What does this have to do with politics? The US has spent the 70 years since the end of WWII building up its goodwill. Not the social term, whereby Iraqis who are building bombs to attack US troops will still ask about a resident visa (because they love us for our freedoms), but the accounting concept, the value of the brand, if you will.

For over half a century, the US has been known as a staunch ally, as a preserver of the status quo, as a country that, when it counts, keeps the promises it makes and stands by the agreements it signs. We may be the big gorilla in the room during negotiations, but we are predictable, and stable. This slow, patient, buildup has resulted in an enormous fund of (accounting) goodwill. It’s not that people like us, it’s that they trust us to be predictable. Yes, Kissenger sold Nixon to the Vietnamese as an unpredictable madman, but that was a wartime tactic.

President Trump is throwing that all away, burning through our international standing like Gnome Press through author’s royalties. He has reneged on agreement after agreement, destroying trust in our word. He has threatened draconian reprisals on countries that don’t acquiesce to our demands to alter existing agreements (Pray I don’t alter them further).

The problem is, the actions he has taken are irrevocable. Not that a future President couldn’t attempt to go back to the status quo ante, but that there will be no longer be any trust that the status quo, any status quo, will hold. If I can’t be sure that a future  American President, or her successor, will act in good faith on an agreement, I’ll have every incentive to make an agreement with someone else, or demand a higher payment for agreement from my side.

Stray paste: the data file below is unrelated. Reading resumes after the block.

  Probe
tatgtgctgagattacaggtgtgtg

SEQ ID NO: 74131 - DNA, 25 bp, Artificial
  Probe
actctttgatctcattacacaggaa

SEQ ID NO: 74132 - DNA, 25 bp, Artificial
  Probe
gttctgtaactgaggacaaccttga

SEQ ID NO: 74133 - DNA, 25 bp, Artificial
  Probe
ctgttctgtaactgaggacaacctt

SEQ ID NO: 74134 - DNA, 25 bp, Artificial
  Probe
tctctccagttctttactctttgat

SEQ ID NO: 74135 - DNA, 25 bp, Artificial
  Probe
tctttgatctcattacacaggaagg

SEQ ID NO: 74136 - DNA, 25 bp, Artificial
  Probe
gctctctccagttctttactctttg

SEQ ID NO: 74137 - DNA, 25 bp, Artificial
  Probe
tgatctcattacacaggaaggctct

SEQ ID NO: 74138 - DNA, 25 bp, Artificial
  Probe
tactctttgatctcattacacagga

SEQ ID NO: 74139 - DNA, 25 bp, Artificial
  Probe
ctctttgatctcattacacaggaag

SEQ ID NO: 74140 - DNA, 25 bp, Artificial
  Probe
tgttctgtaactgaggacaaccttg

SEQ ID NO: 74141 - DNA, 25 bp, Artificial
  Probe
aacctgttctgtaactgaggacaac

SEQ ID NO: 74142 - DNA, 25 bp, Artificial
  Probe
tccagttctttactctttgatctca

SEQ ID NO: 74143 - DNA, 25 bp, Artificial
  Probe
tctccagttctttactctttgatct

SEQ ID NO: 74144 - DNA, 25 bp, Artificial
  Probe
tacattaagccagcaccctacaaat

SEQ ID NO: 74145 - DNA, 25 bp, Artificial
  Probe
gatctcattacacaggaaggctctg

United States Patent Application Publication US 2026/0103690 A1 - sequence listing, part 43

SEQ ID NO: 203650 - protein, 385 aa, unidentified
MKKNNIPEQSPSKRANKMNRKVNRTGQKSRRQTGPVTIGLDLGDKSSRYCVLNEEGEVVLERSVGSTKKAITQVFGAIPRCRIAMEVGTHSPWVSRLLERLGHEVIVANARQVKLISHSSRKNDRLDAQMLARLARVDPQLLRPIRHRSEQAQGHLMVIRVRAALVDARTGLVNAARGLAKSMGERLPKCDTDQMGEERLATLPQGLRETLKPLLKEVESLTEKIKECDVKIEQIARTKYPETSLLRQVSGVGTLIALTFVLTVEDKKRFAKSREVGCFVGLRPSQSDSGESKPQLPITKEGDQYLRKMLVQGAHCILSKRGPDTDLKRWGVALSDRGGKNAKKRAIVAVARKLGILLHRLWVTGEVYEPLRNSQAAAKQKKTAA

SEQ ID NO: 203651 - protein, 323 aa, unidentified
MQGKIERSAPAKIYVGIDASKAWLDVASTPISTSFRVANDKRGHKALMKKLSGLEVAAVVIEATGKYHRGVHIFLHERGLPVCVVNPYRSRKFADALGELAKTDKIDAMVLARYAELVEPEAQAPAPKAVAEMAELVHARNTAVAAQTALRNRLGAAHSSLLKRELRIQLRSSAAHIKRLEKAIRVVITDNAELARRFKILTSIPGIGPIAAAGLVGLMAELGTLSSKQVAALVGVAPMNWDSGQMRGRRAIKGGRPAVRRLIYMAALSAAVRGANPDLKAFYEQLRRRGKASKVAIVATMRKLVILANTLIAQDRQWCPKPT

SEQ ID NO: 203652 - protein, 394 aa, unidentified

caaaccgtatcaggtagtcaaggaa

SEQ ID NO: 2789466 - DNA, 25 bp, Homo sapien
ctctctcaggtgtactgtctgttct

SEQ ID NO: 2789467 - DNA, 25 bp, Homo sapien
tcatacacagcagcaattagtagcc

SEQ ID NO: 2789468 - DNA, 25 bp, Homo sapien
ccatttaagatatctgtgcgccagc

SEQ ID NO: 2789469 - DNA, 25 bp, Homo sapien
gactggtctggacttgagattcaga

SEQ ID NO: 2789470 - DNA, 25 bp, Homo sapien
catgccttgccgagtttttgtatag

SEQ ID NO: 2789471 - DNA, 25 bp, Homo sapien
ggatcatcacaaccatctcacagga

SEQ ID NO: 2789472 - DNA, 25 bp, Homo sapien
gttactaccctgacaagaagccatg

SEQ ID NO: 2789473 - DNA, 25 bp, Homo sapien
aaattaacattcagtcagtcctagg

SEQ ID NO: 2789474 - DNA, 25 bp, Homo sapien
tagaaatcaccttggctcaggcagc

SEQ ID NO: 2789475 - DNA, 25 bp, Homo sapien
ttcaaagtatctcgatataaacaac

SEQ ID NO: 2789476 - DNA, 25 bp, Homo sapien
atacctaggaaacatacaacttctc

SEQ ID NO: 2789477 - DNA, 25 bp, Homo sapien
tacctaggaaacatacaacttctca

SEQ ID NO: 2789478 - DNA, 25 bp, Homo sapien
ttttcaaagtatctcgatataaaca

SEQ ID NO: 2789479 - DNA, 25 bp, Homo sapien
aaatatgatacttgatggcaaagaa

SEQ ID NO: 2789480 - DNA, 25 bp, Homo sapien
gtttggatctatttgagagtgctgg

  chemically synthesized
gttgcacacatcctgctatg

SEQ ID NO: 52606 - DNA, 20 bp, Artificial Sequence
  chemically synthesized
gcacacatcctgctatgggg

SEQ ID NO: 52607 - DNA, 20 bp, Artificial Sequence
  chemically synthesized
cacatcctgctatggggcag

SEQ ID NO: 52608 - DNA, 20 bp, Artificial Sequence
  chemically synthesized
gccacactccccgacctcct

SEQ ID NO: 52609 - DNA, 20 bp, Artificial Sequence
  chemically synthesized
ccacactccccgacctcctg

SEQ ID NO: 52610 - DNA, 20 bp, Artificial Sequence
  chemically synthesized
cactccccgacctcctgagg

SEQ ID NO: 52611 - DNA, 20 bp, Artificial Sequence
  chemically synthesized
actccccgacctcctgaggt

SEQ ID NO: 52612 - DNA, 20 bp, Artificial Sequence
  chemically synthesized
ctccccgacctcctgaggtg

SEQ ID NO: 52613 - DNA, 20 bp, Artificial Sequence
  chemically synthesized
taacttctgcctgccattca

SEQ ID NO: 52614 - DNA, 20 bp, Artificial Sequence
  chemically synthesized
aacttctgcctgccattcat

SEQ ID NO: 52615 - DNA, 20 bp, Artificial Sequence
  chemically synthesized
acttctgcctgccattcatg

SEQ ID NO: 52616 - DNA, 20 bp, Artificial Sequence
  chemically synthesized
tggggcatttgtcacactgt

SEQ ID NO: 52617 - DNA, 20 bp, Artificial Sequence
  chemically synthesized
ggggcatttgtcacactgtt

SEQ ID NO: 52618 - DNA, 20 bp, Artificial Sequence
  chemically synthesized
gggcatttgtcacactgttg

That’s what we’ve lost, and what we stand to lose.

Green Thumb Up My Nose

June 23, 2019

Garden Report for 190624

Weather continues its roller-coaster ride. Hot at the beginning of the period, and now forecasting highs in the middle 70s with lows around 50. Typical NENW springtime. We’ve been known to have frost in early July.

Nothing of import happened last week, but this week was Litha and the Midsummer festivities. Here’s what the gardens look like right now. The tomatoes are doing well all over, as are the weeds ground cover plants. Click to embiggen.

Things continued to grow. This week we got our first pea harvest and planted a new batch. Due out the end of August. The Bok Choy in Section 3 has finally raised its head above the …surroundings.

The lettuce in the hanging planter is doing well. The tomato plant is big enough I moved the underchard over to the south railing. Planted a container of radishes for MJ, and another container of lettuce.

Tanker War

June 21, 2019

One reason I’m reluctant to comment on breaking news is that in this day and age it’s likely to be incomplete, twisted, and wrong.

Area of the action